Sandwich chain Jimmy John's announced that four of its workers have been fired after a video showing them making a noose out of bread dough began circulating on social media.
A male employee at a Jimmy John's store in Woodstock, Georgia slipped the dough noose around his neck while another male worker held the "rope" above him to give the appearance that the noose was tight. A third worker stood off to the side laughing while a fourth filmed the video.
The clip was shared widely on social media over the weekend.
On Sunday, Jimmy John's issued a statement announcing the workers had been fired.
"We have zero tolerance for racism or discrimination in any form. The franchisee has taken immediate action and the employees have been terminated. The actions seen in this video are completely unacceptable and do not represent the Jimmy John's brand," the statement said.
The statement was made in reply to a Twitter user who posted the video and suggested the boys had previously made nooses.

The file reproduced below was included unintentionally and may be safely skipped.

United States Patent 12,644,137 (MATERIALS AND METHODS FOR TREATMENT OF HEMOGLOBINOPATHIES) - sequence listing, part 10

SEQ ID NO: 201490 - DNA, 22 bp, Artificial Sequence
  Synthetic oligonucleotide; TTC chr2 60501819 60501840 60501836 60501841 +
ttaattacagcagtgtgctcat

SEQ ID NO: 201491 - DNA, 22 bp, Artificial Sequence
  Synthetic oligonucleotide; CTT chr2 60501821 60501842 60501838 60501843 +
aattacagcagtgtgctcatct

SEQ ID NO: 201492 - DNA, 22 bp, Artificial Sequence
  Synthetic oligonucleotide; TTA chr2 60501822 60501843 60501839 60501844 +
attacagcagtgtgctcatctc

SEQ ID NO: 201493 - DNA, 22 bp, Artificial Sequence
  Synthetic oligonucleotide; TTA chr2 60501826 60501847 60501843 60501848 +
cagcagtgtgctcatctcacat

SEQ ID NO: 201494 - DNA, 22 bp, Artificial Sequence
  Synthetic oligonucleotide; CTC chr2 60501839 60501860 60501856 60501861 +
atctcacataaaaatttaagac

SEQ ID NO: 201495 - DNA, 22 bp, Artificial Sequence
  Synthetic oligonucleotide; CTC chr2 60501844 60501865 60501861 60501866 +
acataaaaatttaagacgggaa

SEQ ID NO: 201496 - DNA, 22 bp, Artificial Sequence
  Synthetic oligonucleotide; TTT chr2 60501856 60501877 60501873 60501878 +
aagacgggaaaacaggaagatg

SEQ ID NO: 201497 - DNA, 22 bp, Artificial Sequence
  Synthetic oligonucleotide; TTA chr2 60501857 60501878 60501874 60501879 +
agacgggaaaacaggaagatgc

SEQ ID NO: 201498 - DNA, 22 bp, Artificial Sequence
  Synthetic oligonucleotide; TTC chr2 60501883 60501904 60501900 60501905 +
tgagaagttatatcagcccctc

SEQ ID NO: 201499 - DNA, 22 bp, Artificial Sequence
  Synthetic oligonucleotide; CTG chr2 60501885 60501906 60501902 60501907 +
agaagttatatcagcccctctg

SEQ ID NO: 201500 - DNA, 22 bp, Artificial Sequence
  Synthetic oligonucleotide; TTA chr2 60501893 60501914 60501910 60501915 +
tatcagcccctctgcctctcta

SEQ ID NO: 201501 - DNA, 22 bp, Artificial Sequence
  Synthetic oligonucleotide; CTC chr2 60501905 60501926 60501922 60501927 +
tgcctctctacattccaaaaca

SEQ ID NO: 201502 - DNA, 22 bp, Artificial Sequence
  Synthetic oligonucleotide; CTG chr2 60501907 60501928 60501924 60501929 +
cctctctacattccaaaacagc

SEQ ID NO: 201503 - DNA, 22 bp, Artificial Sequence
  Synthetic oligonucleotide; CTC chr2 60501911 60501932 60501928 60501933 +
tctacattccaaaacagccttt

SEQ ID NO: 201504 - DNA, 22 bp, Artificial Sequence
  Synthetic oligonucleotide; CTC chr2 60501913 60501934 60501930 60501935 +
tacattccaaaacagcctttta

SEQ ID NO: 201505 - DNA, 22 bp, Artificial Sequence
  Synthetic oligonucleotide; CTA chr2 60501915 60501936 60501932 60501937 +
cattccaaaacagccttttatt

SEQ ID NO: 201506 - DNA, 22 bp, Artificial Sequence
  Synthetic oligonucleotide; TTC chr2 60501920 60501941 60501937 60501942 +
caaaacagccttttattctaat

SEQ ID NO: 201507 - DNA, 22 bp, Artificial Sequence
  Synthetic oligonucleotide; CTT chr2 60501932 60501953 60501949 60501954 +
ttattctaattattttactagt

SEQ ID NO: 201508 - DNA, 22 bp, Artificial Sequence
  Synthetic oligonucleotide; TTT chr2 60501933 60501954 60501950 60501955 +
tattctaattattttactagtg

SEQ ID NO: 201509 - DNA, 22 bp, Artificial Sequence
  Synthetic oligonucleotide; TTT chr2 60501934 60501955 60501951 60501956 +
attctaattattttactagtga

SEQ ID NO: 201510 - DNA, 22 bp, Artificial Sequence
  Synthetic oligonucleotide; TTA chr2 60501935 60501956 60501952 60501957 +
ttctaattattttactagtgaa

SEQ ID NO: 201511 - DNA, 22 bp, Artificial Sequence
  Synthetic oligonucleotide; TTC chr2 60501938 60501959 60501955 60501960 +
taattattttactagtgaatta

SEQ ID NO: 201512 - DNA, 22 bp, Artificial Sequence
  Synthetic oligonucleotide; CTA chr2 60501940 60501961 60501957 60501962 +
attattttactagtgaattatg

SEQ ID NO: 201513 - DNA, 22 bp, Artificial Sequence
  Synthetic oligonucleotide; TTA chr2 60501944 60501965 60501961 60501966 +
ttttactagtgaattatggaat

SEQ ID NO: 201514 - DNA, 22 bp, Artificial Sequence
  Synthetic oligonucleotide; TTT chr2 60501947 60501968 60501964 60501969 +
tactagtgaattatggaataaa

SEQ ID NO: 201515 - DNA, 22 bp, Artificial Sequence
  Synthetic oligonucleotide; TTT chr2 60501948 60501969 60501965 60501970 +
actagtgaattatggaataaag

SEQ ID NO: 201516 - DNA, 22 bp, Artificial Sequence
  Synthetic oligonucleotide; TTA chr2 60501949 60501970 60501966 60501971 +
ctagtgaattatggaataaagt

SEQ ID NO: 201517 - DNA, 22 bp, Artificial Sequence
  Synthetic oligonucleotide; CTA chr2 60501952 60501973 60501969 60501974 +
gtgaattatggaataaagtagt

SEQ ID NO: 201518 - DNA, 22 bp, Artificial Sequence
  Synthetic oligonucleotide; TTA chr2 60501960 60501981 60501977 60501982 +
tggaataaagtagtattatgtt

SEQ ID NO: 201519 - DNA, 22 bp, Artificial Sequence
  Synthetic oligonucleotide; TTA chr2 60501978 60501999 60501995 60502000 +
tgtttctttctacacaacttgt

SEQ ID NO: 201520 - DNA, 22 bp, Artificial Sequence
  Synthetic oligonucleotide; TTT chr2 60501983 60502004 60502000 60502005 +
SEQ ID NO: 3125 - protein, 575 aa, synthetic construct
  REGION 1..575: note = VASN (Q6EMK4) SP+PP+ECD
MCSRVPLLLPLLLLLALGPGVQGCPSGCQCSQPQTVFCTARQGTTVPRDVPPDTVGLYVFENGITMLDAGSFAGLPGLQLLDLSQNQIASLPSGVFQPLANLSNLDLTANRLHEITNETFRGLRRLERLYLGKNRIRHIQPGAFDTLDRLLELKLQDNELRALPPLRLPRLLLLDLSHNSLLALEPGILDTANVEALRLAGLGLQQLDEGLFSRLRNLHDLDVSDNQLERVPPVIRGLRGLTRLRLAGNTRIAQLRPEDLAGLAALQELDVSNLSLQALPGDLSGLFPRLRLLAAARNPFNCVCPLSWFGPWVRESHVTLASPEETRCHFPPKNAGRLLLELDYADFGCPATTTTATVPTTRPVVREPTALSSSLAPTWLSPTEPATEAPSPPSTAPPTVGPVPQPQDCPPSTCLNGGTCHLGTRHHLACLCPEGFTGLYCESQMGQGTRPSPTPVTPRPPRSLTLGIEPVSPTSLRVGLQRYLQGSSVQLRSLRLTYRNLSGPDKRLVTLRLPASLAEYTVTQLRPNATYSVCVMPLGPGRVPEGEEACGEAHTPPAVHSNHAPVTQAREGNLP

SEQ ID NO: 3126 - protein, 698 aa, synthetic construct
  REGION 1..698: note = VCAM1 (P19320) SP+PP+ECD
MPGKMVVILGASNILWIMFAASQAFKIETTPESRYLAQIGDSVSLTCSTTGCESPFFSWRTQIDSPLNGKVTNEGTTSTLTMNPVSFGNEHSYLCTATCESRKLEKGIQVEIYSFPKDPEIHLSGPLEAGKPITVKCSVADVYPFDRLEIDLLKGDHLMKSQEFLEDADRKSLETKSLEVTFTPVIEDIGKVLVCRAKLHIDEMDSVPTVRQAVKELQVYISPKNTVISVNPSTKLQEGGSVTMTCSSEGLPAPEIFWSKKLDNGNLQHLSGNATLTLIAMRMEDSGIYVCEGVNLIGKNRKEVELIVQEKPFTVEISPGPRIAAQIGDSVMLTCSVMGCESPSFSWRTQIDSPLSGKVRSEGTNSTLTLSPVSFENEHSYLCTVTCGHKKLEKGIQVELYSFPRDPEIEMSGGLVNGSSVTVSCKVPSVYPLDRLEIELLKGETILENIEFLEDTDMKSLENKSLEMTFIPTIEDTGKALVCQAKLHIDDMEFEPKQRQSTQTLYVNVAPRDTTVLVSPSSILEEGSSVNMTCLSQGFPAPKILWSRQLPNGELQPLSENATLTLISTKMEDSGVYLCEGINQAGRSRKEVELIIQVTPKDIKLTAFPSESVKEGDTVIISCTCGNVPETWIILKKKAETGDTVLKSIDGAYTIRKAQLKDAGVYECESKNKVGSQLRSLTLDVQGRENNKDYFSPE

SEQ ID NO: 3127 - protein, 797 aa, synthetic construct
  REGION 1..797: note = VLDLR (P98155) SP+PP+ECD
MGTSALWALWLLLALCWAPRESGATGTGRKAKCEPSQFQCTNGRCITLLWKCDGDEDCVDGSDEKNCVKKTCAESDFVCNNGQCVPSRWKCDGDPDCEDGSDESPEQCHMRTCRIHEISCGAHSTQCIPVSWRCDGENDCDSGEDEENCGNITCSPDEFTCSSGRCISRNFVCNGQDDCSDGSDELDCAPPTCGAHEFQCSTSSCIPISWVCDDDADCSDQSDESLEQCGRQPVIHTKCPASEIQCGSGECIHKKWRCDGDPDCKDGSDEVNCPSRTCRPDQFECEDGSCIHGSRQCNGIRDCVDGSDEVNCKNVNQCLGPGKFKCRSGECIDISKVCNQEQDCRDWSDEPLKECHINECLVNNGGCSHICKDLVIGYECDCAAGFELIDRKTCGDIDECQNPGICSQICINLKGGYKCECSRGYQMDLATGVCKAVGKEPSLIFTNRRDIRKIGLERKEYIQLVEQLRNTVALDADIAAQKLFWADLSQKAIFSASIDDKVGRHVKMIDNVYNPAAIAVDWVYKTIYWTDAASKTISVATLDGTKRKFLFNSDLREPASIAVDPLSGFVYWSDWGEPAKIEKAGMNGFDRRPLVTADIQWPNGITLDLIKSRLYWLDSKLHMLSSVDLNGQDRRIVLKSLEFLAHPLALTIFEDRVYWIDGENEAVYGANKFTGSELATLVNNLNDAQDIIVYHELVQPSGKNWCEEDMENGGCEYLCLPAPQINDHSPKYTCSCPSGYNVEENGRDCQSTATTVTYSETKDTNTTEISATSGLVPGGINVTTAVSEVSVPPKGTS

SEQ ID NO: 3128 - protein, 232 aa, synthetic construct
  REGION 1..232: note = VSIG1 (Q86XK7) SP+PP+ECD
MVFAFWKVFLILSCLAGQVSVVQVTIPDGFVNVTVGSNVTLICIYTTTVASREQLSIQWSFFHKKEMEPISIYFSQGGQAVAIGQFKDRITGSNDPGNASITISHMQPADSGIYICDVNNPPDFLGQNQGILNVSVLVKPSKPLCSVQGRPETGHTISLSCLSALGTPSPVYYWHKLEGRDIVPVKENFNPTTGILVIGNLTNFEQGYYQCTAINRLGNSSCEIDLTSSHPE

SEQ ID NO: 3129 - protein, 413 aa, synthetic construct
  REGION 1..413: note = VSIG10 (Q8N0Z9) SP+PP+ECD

"In Woodstock GA at a Jimmy Johns, some white employees made a noose, look at the DETAILS in the damn noose dough that's used for sandwiches. Crazy. They done this before...," the user wrote.
As of this publication, there is no evidence to suggest the workers in the video were involved in any previous noose making.
Nooses have been historically associated with executions, and in modern history the lynchings of black Americans by gangs of racist white people, especially in the American south.
In the weeks following the death of George Floyd and the ensuing protests against police brutality and systemic racism, a string of individuals were found hanging from trees across the country. Though police ruled them all suicides, sceptics argued it was more than coincidence that six people of colour were found hanging from trees in the midst of one of the largest racial justice upheavals in US history.
More recently, Nascar driver Bubba Wallace reported that he found what appeared to be a noose hanging in his assigned garage at the Talladega Superspeedway in Alabama. The FBI eventually determined the rope - which was tied using the same loops used in preparing a noose - was simply a garage pull-down rope and not meant as a racial threat.
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